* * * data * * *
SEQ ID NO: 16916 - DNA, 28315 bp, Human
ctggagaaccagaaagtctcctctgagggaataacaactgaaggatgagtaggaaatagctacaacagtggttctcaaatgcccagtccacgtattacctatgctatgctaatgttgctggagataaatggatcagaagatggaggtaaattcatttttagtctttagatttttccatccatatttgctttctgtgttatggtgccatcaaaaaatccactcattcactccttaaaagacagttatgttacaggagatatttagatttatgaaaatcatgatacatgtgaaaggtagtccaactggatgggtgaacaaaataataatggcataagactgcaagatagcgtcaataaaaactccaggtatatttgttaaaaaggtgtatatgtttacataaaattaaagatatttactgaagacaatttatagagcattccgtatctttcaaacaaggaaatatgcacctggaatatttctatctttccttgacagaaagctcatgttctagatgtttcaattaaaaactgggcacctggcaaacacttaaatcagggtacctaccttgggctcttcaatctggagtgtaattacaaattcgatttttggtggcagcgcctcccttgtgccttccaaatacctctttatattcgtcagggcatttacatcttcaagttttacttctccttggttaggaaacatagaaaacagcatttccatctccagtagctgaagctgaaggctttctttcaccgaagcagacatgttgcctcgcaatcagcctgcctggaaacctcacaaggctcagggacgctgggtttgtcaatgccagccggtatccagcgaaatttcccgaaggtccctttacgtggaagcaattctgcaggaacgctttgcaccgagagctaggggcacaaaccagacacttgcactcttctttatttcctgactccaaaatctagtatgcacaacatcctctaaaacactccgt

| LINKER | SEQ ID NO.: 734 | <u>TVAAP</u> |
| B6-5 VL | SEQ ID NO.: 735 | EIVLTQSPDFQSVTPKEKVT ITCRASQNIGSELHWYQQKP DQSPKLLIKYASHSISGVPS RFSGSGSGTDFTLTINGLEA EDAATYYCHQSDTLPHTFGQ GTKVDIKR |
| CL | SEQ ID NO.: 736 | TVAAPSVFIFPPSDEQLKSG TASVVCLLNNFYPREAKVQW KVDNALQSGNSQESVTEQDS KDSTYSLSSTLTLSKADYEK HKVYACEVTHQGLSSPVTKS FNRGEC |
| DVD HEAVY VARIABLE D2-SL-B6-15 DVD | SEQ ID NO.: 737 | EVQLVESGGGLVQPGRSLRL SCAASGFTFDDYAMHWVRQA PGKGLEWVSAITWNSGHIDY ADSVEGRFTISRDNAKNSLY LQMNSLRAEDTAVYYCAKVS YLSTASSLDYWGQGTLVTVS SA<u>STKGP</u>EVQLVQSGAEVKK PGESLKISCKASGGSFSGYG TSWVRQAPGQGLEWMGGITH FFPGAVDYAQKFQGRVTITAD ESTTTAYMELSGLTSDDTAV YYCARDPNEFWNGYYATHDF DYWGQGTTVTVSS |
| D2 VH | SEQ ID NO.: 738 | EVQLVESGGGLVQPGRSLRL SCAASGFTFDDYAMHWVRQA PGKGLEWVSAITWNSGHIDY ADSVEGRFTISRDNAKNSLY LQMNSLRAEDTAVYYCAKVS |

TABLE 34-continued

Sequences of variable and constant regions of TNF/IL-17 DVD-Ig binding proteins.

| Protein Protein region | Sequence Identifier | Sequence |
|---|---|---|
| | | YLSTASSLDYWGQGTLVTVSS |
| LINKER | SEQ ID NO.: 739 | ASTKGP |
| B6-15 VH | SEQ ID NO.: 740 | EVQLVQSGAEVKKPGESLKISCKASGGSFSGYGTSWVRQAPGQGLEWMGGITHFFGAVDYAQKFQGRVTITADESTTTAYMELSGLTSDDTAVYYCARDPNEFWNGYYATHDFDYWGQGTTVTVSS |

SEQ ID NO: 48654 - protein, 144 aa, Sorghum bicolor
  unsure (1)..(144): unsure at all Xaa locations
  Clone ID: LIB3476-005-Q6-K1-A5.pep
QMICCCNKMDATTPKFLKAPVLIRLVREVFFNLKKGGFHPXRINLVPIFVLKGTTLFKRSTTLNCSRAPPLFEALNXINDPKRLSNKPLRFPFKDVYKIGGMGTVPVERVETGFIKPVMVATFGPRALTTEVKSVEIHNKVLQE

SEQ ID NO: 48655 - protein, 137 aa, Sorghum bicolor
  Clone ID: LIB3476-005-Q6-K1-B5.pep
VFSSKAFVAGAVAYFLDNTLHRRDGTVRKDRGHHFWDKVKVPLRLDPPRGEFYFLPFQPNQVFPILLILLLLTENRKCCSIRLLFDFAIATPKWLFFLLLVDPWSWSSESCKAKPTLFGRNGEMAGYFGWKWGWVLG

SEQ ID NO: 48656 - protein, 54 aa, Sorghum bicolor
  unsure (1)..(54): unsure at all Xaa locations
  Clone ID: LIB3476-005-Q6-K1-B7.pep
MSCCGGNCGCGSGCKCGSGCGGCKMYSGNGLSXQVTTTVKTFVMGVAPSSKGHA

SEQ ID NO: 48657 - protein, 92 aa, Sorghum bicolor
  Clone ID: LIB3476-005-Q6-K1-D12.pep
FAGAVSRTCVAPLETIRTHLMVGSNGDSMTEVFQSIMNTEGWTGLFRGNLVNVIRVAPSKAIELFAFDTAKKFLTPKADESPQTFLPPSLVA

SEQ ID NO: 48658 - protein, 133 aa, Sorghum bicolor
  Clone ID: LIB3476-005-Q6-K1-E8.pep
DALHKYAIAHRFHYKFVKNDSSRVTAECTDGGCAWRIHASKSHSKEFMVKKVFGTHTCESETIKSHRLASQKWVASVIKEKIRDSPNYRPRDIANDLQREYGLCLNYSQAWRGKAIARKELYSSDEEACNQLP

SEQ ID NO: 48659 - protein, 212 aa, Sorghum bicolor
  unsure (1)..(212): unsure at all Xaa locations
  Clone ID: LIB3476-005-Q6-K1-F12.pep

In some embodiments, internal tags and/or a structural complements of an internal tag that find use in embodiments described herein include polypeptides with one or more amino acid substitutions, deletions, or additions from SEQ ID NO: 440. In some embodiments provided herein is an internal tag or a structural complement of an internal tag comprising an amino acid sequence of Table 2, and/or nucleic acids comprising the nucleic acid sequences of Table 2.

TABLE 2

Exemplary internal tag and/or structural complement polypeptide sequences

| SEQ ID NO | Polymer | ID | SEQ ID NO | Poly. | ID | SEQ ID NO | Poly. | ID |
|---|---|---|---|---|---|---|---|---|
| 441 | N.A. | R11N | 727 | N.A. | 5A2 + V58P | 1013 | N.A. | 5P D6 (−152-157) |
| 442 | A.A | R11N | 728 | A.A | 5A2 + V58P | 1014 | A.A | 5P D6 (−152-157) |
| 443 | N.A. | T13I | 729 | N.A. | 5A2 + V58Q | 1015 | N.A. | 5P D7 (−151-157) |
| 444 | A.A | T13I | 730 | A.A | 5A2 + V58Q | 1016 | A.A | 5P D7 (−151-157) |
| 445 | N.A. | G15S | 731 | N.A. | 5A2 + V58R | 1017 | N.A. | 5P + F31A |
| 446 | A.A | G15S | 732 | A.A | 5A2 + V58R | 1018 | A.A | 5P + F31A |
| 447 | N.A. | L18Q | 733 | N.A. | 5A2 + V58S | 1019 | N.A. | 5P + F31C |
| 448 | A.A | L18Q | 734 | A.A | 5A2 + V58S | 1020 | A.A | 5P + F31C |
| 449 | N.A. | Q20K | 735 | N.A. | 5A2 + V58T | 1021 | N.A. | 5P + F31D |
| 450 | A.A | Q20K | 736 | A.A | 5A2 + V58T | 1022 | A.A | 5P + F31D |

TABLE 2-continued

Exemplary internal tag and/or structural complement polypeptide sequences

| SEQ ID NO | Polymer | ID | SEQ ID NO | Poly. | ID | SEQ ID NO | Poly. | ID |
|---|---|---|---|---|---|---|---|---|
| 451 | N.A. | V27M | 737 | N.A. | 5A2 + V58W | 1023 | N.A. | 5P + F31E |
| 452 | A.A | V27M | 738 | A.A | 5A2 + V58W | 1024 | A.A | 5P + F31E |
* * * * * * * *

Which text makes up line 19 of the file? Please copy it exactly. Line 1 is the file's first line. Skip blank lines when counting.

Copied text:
SEQ ID NO: 48655 - protein, 137 aa, Sorghum bicolor